She’s back and looking as fierce as ever for Isabel Marant‘s newly-unveiled Fall 2015 campaign. Russian beauty Natasha Poly returns for yet another season as the face and body of the French fashion brand’s latest ads, striking some dynamic poses before the lens of Dutch photographic duo Inez Van Lamsweerde and Vinoodh Matadin. Styled by Géraldine Saglio in a studio setting, Natasha dominates the shots with some interesting props.
But for the majority of our forum members, this all looks too familiar. “Nice to see that she landed Isabel Marant again, but this looks exactly the same as last season,” complained zacatecas570.
“Same here, I honestly thought this was part of her last campaign. I like the poses, but at this stage they really need to come up with something fresh,” Benn98 replied in agreement.
“Natasha looks great, but Isabel Marant’s campaigns are the same as her runway shows, consistently monotonous,” shared jescajade.
Also not showing much enthusiasm was Moofins, who exclaimed, “This is a complete snore.”
Forum member gossiping wasn’t in the mood, either: “Like that it’s Natasha but looks verrrry boring.”
On the other hand, Nymphaea actually liked the campaign. “I like Natasha looking tough! Showing a great attitude,” she enthused.
“I think the poses are very dynamic and the result is good!” agreed Emmanuelle.
Check out some more images and share your opinion with us here.
We expect Joan Smalls to look stunning no matter what she does and she is keeping in that tradition with her latest spread for Porter magazine. The Puerto Rican beauty nabbed herself a very special double cover for the magazine this month, going back to her roots for a shoot in her hometown of Hatillo.
Inside the issue, we find a 20-page spread of the gorgeous Smalls, who poses on the cover in a furry coat (quite a contrast considering the warm climate she was photographed in) and an olive green cut-out swimsuit, with leafy vines curling around her. In the accompanying interview, Smalls talks about coming of age in Puerto Rico and her experiences with boys who didn’t seem to be all that into her despite her flawless countenance. “I didn’t hit puberty, I didn’t have boobs, I didn’t have a butt,” she said. “I had a pretty face and that was it, and that wasn’t enough for boys. But I owned my little skinny body.”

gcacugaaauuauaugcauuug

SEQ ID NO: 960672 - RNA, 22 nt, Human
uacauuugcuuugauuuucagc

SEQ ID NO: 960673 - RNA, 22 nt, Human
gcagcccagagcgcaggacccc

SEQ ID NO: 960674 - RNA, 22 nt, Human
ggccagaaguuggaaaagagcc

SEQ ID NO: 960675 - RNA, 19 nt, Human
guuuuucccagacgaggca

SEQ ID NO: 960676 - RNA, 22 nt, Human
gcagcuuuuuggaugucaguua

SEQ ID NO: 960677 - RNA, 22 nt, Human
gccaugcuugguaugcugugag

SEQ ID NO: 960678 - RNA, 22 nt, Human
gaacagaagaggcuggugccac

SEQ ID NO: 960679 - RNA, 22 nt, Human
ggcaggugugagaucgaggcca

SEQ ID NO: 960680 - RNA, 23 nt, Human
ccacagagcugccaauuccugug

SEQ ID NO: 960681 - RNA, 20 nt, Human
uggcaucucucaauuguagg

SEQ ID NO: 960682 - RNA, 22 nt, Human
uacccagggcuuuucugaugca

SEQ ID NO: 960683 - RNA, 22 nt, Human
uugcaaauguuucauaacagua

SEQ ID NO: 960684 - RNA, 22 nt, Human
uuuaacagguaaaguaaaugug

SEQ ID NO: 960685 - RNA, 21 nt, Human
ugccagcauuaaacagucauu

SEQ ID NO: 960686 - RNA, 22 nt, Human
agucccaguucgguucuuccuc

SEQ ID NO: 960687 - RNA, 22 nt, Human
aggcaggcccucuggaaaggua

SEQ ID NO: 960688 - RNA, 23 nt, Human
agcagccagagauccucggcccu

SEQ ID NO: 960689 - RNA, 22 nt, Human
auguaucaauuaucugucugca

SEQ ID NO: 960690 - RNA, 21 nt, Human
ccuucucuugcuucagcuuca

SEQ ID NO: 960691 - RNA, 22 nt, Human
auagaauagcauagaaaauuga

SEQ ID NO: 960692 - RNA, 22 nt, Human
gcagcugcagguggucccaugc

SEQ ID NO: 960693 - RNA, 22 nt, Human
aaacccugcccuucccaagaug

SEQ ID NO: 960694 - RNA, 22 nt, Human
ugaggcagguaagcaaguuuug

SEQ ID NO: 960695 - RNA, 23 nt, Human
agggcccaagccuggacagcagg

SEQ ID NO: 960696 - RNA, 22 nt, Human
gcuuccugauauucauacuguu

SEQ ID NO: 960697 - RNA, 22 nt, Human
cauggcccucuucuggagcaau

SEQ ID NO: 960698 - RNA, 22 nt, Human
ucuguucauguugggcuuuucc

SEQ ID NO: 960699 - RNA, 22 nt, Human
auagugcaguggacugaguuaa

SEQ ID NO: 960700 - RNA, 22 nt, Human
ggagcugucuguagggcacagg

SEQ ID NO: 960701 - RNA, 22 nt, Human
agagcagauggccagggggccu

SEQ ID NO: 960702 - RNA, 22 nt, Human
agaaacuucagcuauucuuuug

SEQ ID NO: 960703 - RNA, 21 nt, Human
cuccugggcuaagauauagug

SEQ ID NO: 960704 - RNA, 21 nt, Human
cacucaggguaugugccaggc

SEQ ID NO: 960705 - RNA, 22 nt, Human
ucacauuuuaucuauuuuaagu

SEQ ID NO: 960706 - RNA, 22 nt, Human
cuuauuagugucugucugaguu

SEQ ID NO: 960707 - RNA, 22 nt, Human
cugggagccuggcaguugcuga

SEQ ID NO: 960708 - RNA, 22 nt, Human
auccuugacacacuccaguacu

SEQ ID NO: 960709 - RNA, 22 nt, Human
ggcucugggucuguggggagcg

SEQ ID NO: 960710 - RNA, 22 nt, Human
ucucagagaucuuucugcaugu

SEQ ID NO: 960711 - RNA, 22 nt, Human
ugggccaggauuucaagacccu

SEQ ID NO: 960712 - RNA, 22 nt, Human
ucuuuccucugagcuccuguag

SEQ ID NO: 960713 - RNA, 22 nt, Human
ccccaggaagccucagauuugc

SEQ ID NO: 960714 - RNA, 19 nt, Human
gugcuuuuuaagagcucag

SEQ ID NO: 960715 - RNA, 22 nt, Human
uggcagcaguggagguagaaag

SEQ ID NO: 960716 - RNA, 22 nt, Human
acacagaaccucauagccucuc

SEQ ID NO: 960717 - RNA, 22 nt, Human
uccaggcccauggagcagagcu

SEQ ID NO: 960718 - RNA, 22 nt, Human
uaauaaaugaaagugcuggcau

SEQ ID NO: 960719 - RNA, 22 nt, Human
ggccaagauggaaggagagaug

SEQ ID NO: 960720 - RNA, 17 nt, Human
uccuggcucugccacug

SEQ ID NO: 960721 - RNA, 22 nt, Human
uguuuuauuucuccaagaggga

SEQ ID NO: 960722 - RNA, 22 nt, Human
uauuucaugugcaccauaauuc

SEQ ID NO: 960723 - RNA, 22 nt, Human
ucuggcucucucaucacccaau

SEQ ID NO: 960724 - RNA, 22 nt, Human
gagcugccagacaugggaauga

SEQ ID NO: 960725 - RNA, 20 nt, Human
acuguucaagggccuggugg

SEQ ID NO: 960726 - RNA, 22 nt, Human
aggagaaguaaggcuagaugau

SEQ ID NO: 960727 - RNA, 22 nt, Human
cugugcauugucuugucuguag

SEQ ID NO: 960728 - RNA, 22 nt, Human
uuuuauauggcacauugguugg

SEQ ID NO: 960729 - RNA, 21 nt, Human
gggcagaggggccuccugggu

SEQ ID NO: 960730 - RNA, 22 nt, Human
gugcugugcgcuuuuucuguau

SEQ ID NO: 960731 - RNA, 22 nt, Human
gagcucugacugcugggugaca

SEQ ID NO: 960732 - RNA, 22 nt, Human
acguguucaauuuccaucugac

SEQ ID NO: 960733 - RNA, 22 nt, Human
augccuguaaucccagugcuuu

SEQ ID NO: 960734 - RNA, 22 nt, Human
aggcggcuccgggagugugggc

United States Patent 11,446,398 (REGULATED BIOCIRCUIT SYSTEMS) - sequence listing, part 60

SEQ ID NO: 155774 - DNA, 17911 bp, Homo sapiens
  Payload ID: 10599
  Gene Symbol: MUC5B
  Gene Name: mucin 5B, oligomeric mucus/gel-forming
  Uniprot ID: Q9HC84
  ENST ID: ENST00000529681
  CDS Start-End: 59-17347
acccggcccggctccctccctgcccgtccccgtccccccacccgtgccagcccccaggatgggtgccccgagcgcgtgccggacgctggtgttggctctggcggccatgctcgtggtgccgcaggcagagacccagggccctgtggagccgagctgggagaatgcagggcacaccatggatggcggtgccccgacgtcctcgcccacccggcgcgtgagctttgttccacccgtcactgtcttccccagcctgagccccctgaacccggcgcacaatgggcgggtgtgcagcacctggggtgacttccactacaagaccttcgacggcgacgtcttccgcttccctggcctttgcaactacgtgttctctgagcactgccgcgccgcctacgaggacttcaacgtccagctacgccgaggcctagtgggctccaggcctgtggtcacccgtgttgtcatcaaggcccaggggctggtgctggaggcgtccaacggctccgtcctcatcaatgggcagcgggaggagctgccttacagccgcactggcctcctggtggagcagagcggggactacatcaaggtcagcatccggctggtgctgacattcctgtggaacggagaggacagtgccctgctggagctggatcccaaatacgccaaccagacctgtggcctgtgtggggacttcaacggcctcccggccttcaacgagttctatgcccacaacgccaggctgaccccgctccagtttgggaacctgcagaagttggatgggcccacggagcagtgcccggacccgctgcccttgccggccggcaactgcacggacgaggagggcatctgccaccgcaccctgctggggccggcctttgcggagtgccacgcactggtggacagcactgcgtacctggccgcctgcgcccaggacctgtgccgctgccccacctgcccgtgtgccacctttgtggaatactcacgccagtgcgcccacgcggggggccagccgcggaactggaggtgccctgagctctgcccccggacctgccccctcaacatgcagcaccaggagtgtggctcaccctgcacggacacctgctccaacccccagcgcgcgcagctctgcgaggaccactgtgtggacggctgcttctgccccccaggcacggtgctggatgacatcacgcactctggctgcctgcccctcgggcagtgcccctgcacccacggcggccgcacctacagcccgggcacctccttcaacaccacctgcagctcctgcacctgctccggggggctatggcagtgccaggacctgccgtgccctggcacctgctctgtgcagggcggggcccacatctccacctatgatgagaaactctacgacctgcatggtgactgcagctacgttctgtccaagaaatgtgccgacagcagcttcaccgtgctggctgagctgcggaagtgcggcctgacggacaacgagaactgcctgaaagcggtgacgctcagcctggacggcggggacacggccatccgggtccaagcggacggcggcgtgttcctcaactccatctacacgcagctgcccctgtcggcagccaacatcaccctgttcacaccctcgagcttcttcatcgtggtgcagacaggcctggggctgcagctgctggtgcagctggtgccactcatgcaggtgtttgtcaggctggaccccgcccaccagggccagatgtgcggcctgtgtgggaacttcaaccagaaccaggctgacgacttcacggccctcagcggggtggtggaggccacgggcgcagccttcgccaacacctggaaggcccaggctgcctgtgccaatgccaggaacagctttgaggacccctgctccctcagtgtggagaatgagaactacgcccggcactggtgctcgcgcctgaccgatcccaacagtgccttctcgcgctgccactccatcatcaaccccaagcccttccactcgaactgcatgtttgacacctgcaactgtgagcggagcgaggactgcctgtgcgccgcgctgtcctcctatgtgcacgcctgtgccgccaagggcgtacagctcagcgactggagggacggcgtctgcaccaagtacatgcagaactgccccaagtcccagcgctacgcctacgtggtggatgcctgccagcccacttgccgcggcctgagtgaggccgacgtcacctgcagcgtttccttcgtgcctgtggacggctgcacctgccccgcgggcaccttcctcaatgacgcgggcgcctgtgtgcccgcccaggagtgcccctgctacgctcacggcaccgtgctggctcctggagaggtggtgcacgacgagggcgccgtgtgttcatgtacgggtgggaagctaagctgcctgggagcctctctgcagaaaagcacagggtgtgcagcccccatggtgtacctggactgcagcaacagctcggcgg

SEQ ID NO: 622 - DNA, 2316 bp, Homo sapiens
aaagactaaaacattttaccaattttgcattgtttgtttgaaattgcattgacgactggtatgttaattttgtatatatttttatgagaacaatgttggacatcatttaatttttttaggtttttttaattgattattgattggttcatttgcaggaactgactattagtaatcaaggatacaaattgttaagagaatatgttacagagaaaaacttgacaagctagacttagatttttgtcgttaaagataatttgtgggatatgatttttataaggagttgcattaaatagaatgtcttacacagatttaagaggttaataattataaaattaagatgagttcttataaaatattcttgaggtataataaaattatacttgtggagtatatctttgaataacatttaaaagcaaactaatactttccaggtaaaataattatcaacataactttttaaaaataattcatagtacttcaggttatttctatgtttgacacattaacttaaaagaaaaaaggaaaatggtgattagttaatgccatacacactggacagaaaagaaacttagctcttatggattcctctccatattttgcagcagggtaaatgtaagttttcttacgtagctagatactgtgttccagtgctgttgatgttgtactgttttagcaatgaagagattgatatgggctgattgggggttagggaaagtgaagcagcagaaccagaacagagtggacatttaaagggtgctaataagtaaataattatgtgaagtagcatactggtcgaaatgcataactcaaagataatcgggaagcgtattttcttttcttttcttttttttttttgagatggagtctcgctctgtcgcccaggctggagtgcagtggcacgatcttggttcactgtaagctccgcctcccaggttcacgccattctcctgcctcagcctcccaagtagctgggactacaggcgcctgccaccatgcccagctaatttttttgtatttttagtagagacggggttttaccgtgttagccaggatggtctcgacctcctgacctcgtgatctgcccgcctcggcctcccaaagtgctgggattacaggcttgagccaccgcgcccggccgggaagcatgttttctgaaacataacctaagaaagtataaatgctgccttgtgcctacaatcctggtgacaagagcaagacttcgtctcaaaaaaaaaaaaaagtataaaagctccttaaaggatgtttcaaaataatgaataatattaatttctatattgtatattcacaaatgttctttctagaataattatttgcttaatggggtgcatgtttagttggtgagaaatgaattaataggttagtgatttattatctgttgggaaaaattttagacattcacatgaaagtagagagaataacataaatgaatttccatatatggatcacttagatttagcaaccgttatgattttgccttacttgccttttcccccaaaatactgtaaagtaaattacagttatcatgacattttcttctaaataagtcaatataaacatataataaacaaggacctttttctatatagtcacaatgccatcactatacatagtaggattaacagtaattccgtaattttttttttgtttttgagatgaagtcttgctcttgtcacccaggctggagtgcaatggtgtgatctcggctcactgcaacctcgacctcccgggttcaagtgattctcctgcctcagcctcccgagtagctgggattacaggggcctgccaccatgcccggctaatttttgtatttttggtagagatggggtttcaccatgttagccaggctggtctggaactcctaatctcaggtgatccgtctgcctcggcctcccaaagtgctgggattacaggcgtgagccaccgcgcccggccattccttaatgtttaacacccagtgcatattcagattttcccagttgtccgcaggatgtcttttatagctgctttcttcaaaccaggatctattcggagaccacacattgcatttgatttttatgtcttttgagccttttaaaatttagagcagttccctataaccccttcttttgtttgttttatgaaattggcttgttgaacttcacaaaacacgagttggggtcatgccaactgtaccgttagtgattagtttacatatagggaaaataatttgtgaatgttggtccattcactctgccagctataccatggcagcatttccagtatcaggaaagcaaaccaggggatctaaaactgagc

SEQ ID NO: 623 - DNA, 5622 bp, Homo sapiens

And it is that same body that has made her one of the most in-demand models today, though it wasn’t easy getting there. Joan also recalls the struggles she faced as she was trying to make it in the modeling industry, struggles that she says “could have been” attributed to the racist undercurrent we tend to see in the modeling industry. “It was really easy for some girls to get booked automatically into an agency, but I had to go to appointment after appointment and a gazillion castings, and sometimes no one looked at me at all,” she explained. “I would cry out of frustration because I didn’t understand why. I didn’t want to quit. I’m determined. That’s the fuel for my fire. I’m like, ‘I’m going to show you. Sooner or later you’ll see what happens when you don’t believe in someone.’ I understand that not everybody’s going to like me, that this is not the look that they’re going for, because, of course, it’s fashion and they’re going for a certain aesthetic. I just didn’t get how you can walk into a place and somebody would not say, ‘Hello’, or ‘Have a nice day’, and actually acknowledge your presence.”
Smalls also touched on the lack of diversity in modeling, mentioning that part of the problem is the inconsistency with which models of color are cast for shows, campaigns, etc. “It’s not just a case of doing one season and then everything’s okay, because after that it can all just fall back to nothing,” she said. “It’s a conversation that needs to continue to happen so that people see it as the norm and not some kind of a chore. We have to do this to make people happy. Why not represent the rainbow that we live in? And then women can look at the runway and see themselves.”
Joan’s issue of Porter hits newsstands June 5.
[via tFS inbox]
This fall, Target’s going mad for plaid with a new collaboration with designer Adam Lippes. The retailer, which just announced a collaboration with CFDA Swarovski Award winner Eddie Borgo, is wasting no time keeping the partnerships coming. For the season, Target is stamping a good amount of its wares – from Coke bottles to paper towels – with tartan print, but the crown jewel of the plaid campaign will be the Adam Lippes collection.